The $59,890 Lotus Exige S (www.lotuscars.com) may look like a bantamweight in this company of heavy hitters, but make no mistake: This mid-engine racer swings a mighty punch. Key to its phenomenal pace is its weight—or lack thereof. Beneath those composite curves sits Lotus’ advanced bonded aluminum chassis. Incredibly stiff and light—the Exige weighs an anorexic 2,057 pounds—the chassis has allowed the Lotus engineers to hone the Exige’s responses to a scalpel-sharp edge. The 218 hp, 1.8-liter, supercharged screamer sitting just behind your shoulders provides devastating acceleration. When whipped through its close-ratio, 6-speed manual transmission, the Exige will reach 60 mph in 4.1 seconds and not stop until it is nudging 150 mph. This is a fabulously fast car with almost telepathic reactions. It corners, brakes, and accelerates with fingertip-light tactility and synapse-sparking intuition, allowing the Exige to run rings around far more exotic metal.
Mercedes-Benz put its standard SLR on a diet and sent it to the gym to create its fastest car ever, the limited-edition Mercedes-Benz McLaren SLR 722 (www.mbusa.com). The moniker honors Sir Stirling Moss’ record-breaking run in the 1955 Mille Miglia endurance race. Leaving at 7:22 am, Moss and copilot Denis Jenkinson averaged in excess of 100 mph on 1,000 miles of public Italian roads. Abundant lightweight carbon fiber, an uprated suspension, and heavily revised aerodynamics complement an engine that is even more powerful than the base model SLR’s. The 722’s handbuilt, 5.5-liter, supercharged V-8 develops a massive 650 hp at 6,500 rpm. The $480,000 722 may lack the driver involvement of a bona fide supercar, but it does offer a 209 mph top speed, outlandish looks, and—with only 150 being built—exclusivity.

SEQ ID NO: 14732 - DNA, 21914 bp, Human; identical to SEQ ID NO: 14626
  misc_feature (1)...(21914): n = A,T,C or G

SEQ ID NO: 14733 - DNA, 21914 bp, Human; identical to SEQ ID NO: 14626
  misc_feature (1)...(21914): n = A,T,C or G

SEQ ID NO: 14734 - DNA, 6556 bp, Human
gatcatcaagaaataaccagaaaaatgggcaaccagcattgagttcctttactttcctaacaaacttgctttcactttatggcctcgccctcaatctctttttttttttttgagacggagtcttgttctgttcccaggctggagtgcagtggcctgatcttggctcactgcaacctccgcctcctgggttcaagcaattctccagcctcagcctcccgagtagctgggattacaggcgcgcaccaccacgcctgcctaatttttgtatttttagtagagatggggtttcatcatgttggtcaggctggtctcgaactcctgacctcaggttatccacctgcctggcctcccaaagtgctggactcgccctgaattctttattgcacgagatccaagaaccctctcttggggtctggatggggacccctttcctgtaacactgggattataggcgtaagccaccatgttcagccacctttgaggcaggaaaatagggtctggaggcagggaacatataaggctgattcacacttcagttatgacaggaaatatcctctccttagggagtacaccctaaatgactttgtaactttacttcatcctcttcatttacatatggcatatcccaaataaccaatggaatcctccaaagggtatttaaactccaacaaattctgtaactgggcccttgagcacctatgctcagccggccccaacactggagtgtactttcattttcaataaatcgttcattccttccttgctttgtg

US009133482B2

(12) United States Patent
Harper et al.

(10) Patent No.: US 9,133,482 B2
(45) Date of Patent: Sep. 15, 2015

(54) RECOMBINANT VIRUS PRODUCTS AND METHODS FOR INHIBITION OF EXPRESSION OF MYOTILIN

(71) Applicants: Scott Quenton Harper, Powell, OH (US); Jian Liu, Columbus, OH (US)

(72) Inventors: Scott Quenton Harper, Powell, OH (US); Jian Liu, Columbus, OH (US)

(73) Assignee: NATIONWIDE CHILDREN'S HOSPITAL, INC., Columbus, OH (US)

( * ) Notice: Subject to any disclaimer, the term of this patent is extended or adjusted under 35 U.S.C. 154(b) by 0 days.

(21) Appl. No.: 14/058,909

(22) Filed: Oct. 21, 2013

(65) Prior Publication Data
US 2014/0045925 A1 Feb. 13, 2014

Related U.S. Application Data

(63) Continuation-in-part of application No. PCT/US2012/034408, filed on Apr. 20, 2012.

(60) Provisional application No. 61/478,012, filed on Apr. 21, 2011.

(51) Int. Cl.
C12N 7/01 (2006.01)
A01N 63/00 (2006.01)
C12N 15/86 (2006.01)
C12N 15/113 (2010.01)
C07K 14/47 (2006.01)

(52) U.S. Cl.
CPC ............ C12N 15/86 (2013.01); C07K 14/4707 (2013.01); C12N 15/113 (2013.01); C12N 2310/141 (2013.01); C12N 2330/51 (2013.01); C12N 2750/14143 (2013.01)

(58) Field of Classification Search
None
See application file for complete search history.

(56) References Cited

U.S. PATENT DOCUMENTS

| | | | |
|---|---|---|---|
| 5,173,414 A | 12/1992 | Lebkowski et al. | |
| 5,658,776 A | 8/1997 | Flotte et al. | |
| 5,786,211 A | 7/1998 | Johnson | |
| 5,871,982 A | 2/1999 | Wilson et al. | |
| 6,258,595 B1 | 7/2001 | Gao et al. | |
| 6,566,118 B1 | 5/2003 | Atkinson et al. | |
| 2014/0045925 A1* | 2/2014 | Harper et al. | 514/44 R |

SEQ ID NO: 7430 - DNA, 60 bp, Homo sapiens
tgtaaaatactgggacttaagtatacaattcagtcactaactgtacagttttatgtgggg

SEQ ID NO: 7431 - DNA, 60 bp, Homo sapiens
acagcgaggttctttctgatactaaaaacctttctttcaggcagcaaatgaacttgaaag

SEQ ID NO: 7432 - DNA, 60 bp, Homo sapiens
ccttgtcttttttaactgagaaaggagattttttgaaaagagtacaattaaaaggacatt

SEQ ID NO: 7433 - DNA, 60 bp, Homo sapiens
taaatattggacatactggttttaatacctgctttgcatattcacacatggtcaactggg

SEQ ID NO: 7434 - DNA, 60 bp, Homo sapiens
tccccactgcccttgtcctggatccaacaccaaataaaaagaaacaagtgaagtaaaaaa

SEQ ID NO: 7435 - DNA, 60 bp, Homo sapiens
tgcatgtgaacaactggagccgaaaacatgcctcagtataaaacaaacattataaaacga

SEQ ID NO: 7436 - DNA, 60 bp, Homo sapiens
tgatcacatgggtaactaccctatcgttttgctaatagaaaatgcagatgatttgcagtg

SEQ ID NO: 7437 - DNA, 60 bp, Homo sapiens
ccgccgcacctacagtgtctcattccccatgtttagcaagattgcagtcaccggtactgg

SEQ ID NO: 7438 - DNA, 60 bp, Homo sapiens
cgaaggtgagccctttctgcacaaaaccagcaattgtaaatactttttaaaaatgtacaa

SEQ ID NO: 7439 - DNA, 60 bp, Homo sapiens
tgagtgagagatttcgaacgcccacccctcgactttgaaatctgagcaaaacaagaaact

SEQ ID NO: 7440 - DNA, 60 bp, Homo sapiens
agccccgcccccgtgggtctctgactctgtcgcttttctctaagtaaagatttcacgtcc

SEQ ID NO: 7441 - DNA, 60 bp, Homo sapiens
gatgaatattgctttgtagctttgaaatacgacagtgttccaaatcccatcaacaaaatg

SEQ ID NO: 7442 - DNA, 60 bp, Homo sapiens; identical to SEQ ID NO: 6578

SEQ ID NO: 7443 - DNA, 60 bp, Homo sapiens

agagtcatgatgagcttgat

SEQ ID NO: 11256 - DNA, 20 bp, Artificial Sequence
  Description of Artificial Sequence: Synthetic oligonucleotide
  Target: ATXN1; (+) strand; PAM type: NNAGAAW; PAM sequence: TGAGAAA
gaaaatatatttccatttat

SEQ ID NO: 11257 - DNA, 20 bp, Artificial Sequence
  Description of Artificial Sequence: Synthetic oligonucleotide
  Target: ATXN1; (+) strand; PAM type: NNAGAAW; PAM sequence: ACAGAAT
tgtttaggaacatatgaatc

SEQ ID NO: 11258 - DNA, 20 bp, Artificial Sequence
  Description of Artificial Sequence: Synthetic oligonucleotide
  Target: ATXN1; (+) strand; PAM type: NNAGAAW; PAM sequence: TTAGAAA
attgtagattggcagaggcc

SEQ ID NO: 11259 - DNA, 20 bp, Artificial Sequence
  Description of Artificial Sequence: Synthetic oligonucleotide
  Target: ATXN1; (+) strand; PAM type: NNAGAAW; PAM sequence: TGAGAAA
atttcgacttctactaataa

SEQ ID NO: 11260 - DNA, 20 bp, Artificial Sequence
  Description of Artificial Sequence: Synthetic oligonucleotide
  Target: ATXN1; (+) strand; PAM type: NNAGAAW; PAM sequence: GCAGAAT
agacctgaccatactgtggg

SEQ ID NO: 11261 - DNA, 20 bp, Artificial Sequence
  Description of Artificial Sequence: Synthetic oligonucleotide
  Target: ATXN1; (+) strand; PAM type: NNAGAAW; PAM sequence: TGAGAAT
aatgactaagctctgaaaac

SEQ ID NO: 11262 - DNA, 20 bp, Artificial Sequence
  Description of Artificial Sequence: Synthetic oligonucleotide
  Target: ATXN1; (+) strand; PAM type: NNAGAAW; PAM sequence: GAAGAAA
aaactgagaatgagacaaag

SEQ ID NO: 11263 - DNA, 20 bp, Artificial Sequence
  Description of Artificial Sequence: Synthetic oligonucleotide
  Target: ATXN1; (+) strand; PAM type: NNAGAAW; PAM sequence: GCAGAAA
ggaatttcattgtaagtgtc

The $123,000 Porsche 911 Turbo (www.porsche.com/usa) may look much like any other 911, but it is one of the most complete and accomplished driver’s cars. It is ferociously quick; two turbo chargers breathe on a motorsport-derived, 3.6-liter, flat-six engine, banishing lag and delivering the kind of road-rippling acceleration Ferrari drivers can only wish for. When you factor in its all-wheel-drive layout, beautifully weighted and communicative steering, and a chassis touched with genius, you have a car that can annihilate any rival with adrenaline-fueled venom. The Turbo is almost the antithesis of the traditional supercar. It is compact, reliable, agile, comfortable; offers excellent visibility; and is as easy to drive slowly as it is to drive quickly. Don’t be put off by the ubiquity of the 911; the car is popular, but for all the right reasons.